Food & Beverage

Water shortage shuts Coca-Cola plant in India

Avantika Chilkoti
Getty Images

A Coca-Cola bottling plant has been ordered to close in northern India after local farmers blamed it for using too much water, creating fresh headaches for the world's biggest soft-drinks maker in one of its most important markets.

Authorities withdrew consent for the Hindustan Coca-Cola Beverages plant in the state of Uttar Pradesh, where ground-water levels have been critical for more than a decade, according to the government.

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The plant closure comes as water scarcity rises up the list of risks facing multinational companies operating in regions where supplies are limited. Acute water shortages are widespread in India, largely because of wasteful irrigation practices that successive governments have struggled to address.

Campaigners applauded the move, which comes 10 years after another Coca-Cola bottling plant, in the southern state of Kerala, was closed after residents claimed it was draining and polluting local water supplies.

"This is a great victory and a welcome confirmation that local communities can successfully take on big, powerful business," Nandlal Master, who has taken part in the local campaign against the multinational drinks group, told India Resource Center, an organisation that campaigns against corporate globalization.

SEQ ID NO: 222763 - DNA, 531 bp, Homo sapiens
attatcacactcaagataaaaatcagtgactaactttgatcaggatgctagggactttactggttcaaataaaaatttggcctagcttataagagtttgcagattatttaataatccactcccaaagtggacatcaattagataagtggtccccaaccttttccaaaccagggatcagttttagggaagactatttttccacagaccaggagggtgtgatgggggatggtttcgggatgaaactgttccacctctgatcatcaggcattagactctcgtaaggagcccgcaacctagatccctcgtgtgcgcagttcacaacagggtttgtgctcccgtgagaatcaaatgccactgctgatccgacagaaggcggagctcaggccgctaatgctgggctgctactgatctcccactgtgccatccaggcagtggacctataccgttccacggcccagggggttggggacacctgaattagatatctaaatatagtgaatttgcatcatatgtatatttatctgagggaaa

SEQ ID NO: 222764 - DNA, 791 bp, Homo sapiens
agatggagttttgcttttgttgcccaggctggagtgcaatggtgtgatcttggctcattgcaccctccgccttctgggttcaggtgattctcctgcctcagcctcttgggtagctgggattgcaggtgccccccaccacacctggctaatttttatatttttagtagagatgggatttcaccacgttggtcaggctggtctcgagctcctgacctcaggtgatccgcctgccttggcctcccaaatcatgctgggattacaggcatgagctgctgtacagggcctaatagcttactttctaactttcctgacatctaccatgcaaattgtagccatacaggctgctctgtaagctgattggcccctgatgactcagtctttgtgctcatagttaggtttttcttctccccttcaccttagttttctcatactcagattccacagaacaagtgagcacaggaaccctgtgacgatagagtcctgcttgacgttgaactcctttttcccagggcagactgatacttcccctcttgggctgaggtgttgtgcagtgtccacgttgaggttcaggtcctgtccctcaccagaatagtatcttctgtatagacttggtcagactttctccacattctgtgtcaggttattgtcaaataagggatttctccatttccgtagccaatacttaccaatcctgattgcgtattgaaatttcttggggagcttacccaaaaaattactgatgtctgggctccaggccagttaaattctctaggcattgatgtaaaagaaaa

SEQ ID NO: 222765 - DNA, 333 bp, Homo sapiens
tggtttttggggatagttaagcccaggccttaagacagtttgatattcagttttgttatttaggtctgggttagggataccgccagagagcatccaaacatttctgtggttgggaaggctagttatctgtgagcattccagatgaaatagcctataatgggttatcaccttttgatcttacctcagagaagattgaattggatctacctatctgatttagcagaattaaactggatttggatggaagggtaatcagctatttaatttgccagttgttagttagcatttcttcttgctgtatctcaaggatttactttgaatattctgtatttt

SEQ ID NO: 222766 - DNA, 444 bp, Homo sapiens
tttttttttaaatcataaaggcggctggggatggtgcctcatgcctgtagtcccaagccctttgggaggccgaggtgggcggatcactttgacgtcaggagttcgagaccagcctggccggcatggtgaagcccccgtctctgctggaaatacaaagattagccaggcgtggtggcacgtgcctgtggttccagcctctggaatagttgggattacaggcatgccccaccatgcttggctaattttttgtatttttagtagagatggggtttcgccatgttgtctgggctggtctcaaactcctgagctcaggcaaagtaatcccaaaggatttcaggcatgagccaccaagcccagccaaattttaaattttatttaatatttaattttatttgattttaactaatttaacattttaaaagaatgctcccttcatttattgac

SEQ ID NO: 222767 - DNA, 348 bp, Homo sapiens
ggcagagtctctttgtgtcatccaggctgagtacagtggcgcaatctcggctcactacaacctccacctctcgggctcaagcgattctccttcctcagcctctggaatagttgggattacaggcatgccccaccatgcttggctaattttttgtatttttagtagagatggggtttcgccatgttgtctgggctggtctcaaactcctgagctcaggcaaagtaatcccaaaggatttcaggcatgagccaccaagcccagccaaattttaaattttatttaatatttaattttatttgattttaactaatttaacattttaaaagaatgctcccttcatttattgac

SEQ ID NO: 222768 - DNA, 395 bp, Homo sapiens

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The Kerala incident galvanised awareness about water risks among global companies. Many, including Coke, have since made efforts to improve their own use of water, as well as that of local communities.

Hindustan Coca-Cola Beverages said the closure was "unprecedented" and allegations that its water usage was irresponsible were "misleading and false".

The bottling plant said it had used the water "very responsibly and judiciously," adding that it had a "shared interest in the sustainability of water resources".

Coke has said India could be one of its five biggest markets within the next few years and plans to invest about $5bn in the country between 2012 and 2020.

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As temperatures soar in India, this is peak season for the country's soft drinks industry. However, the shutdown is expected to have little impact on Coke's business as the single-line plant is one of its smallest bottling units, producing an estimated 26,500 kilolitres of beverage a year.

The move to close the bottling plant came as Coke sought permission to expand the facility. The closure also raises questions over the ease of doing business in India.